Months ago, Danny and I saw the previews for “Trouble with the Curve,” which looked like surly fun, and then we watched Clint Eastwood’s silliness at the Republican Convention. So we put off seeing this movie until our disappointment waned…Even though we aren’t avid baseball fans, we enjoyed this film. We even learned a few interesting things, too…
Directed by Robert Lorenz, “Trouble with the Curve” is a predictable movie with a satisfying ending. Gus (Eastwood) is an aging baseball scout with failing eyesight. His loyal advocate and friend with the baseball team is Pete Klein (John Goodman), who talks Gus’ daughter, Mickey (Amy Adams), named after Mickey Mantle, to go with her dad and be his eyes on one last recruiting trip of high school ball players. The trouble with that is the two don’t get along so well.
Mickey was six when her mother died and Gus left her with an uncle. When he retrieved her and took her with him to games and to bars, she learned a lot and it was the best time of her life. However, it did not last; she was basically on her own in high school and college. They never had a father/daughter conversation; he avoided it like the plague.
Gus is now a grumpy old man, while Mickey is a lawyer and about to become a partner in a prestigious firm. Though Klein convinces her to take a few days off, she does so reluctantly and without good vibes from her bosses. Although Gus had been, still was, a lousy father, he taught her all there was to know about baseball. As a result, her mind is an endless font of statistics, and she can play pool like a pro.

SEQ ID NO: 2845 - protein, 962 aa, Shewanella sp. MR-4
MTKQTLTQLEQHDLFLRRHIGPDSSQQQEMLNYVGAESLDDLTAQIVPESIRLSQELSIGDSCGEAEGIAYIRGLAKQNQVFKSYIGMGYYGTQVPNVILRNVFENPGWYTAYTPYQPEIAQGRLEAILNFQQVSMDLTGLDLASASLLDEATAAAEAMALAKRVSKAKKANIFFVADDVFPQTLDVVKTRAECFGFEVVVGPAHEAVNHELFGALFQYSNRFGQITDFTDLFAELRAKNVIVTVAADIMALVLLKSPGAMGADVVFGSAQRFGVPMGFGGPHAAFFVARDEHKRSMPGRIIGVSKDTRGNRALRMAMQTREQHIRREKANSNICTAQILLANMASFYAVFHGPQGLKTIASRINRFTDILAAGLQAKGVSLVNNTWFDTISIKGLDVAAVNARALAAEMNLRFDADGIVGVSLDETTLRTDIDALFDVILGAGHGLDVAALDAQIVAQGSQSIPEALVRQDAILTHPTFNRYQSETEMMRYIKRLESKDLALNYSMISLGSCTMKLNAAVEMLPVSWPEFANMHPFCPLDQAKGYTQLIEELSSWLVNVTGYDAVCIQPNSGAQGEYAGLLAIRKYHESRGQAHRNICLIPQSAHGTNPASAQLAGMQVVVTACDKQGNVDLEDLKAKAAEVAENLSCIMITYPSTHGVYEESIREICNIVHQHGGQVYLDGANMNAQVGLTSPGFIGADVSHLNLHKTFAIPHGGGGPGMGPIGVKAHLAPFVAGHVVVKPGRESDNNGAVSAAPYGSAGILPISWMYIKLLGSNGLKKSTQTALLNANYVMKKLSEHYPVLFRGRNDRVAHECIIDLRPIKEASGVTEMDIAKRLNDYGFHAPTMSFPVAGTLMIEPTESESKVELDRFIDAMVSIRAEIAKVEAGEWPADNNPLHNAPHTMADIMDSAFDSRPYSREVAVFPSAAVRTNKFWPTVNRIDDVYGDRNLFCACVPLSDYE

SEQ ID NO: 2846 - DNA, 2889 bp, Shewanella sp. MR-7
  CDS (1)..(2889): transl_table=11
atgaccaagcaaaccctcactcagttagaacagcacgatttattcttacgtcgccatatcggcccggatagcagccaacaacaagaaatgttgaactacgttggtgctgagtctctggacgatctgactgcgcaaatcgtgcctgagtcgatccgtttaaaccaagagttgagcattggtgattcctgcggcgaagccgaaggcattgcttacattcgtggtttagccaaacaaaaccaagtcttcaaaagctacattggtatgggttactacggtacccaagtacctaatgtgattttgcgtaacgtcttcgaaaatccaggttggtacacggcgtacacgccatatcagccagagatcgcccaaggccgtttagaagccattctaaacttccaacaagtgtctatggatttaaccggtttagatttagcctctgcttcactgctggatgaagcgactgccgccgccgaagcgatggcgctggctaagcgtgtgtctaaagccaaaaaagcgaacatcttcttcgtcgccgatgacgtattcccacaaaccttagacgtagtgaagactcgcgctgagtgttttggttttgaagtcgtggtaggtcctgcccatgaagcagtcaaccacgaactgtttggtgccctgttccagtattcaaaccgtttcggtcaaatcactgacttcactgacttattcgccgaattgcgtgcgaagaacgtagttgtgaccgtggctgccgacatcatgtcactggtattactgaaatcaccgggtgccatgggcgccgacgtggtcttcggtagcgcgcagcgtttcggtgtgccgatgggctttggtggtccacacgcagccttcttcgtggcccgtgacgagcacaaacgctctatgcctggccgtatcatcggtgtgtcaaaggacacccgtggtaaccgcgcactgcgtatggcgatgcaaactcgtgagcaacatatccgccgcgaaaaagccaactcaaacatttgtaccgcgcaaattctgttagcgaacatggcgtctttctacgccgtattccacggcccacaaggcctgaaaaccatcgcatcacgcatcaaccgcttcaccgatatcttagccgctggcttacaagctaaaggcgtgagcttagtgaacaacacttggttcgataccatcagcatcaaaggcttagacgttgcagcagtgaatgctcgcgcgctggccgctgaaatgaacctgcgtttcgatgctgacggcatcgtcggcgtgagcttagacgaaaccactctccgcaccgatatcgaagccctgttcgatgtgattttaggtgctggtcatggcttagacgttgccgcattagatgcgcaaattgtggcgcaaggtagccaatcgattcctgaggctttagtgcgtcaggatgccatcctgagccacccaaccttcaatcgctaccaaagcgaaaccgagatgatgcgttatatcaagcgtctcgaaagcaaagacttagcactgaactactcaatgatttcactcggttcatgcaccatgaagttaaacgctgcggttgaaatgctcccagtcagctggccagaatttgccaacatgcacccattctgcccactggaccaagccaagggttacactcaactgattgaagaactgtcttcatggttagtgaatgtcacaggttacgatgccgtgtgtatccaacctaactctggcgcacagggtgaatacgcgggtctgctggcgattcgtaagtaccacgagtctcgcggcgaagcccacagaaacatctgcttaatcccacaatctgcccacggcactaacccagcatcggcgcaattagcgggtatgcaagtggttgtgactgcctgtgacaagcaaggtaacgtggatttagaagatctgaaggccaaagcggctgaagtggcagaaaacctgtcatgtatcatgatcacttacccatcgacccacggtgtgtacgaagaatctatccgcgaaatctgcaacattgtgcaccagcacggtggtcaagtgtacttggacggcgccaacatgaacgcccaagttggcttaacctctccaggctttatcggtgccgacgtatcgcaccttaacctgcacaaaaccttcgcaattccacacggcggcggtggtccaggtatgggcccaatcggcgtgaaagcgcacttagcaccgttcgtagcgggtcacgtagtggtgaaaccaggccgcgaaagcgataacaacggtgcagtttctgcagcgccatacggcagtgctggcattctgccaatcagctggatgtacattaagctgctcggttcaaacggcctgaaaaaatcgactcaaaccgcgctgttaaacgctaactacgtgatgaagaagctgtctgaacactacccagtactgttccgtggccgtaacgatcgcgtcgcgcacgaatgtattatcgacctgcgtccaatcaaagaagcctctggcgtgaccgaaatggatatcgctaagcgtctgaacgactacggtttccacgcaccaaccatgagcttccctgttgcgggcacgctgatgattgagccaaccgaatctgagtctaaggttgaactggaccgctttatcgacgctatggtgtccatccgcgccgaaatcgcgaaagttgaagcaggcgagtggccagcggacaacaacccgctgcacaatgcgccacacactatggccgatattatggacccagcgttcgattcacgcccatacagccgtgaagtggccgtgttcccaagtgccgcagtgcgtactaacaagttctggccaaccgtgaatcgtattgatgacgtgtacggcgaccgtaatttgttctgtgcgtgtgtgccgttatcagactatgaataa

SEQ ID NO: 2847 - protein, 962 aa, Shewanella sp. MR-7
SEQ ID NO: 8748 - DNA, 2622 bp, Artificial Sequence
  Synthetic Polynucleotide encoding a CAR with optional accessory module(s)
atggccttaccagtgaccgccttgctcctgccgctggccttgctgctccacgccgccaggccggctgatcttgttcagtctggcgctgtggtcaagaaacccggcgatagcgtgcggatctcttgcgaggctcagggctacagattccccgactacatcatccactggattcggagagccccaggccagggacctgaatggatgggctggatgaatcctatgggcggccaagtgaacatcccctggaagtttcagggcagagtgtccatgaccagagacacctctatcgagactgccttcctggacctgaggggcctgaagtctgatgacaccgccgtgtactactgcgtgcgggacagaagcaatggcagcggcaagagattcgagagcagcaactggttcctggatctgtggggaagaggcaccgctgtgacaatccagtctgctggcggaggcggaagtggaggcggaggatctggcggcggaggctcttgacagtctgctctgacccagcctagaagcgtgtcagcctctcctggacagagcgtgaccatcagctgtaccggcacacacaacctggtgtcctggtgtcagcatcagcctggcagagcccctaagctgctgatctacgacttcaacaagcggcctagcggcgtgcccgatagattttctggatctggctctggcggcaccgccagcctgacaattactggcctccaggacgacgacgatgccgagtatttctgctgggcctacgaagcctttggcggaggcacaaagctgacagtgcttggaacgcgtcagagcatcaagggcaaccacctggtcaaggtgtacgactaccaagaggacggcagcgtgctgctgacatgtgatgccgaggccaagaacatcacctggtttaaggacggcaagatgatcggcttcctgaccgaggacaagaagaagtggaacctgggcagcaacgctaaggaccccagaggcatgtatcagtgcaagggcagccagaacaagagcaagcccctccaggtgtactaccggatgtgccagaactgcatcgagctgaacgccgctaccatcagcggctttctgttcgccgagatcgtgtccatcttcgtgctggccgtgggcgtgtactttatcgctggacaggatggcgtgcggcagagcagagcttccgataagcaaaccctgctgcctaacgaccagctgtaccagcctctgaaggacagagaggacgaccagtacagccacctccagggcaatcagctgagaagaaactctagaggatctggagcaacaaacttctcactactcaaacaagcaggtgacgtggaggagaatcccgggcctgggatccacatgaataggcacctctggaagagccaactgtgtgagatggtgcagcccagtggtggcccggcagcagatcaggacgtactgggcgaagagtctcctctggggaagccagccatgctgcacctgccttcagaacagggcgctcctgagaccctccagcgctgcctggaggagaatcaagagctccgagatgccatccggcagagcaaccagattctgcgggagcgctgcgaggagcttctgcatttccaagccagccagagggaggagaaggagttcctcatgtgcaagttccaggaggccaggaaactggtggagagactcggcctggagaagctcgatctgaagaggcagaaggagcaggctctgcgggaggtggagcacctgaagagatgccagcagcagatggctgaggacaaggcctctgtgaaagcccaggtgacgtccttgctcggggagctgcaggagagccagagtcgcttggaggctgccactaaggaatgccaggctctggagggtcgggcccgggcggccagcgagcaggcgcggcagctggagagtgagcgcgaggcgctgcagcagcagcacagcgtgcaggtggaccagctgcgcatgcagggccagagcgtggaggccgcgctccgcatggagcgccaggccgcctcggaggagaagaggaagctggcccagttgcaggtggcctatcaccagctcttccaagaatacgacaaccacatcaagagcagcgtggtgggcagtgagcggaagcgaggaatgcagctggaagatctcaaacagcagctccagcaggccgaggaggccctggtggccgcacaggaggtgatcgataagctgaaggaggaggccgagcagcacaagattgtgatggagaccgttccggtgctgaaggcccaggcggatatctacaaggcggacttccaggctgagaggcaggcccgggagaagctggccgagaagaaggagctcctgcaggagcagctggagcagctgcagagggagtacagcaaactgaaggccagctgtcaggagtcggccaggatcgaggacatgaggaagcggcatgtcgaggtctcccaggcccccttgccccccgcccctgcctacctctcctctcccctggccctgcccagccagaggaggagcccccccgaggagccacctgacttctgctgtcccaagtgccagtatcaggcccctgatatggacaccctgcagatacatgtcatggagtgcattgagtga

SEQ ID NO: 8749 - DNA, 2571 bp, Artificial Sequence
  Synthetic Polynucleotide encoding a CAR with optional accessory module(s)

Mickey is helpful on the recruiting trip, despite her father, who will not acknowledge he needs her. His instincts for recruiting a star-potential player have not faded like his eyesight. He can hear the sounds of perfect pitches, catches, and hits, and when every other recruiter wants a young moose for their team, Gus says he has trouble hitting curve balls, which is not good for winning MLB games.
One young recruiter is Johnny (Justin Timberlake), an ex-baseball player who blew out his pitching arm. He would like to get to know Mickey better, but because of her dad she is standoffish and cannot let him close. However, Johnny is very patient and begins to win her over with Gus’ approval.
Subplot-wise…1)There is a less-competent young lawyer who is vying with an absent Mickey for the one partnership spot available. 2)Klein finds out that a modern, tech-savvy manager has sent his own recruiter out to make sure Gus doesn’t mess up by not picking the hot hitter.
Good plot, good writing, good acting, and well worth the price of admission…
Rating: 3.8 out of 5 stars.